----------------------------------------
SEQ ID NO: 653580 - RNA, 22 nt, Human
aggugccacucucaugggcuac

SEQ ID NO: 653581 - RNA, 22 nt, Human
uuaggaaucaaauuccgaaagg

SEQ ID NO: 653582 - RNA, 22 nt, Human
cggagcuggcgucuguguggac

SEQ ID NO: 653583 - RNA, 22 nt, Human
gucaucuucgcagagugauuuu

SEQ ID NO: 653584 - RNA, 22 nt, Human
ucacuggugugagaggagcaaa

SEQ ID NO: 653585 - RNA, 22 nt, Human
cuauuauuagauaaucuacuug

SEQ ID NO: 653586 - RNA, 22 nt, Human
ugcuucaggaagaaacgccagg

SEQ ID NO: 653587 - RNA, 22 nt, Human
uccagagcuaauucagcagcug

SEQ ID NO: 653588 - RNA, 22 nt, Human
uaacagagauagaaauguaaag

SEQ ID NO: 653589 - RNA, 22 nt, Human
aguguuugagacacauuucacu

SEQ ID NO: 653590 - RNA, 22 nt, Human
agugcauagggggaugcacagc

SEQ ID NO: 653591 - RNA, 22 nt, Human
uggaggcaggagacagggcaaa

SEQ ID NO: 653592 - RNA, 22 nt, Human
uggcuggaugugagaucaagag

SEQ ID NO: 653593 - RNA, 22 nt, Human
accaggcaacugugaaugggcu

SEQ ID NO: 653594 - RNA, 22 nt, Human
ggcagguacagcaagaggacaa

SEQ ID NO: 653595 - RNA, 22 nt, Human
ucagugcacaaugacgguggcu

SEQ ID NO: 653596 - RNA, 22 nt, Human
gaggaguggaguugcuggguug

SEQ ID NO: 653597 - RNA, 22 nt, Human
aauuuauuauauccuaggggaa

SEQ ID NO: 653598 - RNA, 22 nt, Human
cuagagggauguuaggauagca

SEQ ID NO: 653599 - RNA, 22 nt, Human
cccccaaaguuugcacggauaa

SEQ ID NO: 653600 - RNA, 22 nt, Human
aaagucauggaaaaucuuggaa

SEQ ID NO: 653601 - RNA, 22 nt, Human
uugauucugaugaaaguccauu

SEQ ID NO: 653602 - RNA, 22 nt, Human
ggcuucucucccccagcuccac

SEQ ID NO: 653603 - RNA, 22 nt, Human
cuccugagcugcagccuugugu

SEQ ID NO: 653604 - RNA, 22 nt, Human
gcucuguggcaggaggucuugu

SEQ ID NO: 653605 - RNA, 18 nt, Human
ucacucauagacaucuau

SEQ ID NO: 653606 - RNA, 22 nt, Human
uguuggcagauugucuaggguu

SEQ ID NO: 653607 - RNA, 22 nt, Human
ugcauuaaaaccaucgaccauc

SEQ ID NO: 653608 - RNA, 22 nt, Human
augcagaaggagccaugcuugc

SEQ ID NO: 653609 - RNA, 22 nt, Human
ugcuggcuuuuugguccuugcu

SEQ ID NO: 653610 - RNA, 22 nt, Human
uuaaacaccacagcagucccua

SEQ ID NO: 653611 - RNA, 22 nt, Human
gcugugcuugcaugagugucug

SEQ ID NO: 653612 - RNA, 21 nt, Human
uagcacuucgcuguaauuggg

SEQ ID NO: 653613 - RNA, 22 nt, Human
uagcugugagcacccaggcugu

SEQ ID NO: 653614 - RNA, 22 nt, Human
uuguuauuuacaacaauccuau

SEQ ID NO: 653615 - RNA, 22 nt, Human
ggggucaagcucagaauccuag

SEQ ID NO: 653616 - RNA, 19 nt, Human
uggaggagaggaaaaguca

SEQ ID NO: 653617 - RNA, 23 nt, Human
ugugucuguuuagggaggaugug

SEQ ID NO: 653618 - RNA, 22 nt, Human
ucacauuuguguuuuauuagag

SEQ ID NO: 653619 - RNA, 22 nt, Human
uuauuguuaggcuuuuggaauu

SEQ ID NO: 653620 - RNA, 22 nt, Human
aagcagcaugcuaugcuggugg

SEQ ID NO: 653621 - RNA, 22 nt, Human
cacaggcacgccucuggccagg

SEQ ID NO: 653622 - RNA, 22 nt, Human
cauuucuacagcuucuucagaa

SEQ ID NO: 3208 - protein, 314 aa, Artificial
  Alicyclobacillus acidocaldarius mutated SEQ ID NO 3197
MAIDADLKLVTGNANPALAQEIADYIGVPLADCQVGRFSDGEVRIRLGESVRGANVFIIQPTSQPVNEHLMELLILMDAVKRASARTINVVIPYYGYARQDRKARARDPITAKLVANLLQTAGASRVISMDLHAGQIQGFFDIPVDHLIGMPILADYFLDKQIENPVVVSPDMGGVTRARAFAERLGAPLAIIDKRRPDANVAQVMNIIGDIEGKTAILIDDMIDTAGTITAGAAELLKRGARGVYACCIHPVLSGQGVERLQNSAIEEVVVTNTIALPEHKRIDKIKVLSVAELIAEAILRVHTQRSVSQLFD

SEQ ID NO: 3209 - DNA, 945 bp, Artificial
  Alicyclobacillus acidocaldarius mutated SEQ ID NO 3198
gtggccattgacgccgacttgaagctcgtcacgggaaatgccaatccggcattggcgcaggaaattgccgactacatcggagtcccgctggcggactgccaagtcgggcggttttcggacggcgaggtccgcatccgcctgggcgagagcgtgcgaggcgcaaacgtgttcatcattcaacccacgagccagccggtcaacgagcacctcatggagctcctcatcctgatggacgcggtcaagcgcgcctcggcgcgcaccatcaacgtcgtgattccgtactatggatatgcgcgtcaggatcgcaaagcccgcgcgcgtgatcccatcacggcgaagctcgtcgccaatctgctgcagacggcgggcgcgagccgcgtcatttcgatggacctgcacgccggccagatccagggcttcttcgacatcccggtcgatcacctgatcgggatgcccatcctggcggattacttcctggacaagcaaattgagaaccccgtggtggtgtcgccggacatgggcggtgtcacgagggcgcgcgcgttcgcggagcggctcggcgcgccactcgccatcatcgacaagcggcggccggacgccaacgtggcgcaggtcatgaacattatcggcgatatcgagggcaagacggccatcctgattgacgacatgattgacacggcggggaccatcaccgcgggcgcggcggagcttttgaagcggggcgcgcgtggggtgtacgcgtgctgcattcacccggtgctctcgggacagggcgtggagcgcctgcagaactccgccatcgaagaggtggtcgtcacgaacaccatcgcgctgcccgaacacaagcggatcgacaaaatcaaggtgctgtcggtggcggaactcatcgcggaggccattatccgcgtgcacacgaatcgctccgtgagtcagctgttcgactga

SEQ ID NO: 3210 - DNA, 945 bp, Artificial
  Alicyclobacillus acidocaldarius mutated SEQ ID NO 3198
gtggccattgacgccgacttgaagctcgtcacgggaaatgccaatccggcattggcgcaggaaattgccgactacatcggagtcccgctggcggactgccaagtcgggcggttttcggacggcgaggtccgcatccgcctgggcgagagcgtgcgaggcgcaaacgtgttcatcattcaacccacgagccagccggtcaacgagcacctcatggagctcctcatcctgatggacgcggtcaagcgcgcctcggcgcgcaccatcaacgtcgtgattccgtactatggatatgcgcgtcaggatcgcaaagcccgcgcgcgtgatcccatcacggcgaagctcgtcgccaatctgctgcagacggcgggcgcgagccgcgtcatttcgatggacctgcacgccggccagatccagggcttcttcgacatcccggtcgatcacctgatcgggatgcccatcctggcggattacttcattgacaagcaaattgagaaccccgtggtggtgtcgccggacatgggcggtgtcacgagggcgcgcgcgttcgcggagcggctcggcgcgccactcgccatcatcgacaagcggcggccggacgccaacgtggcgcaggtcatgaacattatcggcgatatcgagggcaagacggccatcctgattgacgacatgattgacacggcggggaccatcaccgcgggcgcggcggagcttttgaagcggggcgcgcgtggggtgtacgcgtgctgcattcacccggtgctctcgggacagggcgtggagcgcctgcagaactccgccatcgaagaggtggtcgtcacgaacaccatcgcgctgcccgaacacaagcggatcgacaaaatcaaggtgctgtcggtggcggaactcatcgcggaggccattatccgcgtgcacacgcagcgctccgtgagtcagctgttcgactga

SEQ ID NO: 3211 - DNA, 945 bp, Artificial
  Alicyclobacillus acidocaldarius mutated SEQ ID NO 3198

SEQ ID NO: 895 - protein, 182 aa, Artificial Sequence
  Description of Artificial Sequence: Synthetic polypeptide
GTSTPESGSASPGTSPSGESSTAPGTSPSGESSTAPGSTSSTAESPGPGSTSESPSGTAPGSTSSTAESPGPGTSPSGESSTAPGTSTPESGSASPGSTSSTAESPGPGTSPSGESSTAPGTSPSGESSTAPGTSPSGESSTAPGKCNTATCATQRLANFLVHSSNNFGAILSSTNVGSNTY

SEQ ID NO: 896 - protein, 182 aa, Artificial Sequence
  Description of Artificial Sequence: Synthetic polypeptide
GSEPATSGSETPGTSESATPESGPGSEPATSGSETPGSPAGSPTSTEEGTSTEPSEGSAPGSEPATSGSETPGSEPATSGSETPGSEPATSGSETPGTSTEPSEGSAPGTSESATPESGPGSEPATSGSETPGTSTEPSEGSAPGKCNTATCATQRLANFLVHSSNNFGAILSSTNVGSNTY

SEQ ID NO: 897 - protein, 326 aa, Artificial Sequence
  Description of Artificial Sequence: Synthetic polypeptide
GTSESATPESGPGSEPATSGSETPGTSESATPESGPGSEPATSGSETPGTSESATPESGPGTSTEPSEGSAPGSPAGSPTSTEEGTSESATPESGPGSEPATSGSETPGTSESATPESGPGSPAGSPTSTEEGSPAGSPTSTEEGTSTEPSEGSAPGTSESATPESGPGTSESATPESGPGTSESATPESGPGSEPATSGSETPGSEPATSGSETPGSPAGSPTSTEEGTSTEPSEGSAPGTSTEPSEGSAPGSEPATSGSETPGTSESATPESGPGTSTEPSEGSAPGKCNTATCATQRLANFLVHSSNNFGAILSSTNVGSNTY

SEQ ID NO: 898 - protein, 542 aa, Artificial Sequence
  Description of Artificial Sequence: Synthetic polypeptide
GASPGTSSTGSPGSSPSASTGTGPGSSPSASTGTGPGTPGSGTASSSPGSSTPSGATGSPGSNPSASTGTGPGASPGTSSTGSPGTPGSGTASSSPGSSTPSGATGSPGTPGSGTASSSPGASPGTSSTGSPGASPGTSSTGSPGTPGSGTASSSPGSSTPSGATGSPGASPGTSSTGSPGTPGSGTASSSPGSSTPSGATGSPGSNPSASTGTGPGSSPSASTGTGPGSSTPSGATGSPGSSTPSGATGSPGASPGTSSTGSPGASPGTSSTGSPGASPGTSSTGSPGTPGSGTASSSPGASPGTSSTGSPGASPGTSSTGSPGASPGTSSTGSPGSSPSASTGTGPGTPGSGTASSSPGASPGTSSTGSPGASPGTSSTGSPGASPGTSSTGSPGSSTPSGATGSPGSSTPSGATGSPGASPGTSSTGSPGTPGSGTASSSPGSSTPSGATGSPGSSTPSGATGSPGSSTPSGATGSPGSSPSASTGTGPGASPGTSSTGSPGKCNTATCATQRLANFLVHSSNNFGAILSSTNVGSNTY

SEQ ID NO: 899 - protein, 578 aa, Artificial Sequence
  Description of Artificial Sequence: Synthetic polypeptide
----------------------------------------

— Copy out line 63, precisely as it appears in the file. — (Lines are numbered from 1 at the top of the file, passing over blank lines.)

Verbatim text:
SEQ ID NO: 653611 - RNA, 22 nt, Human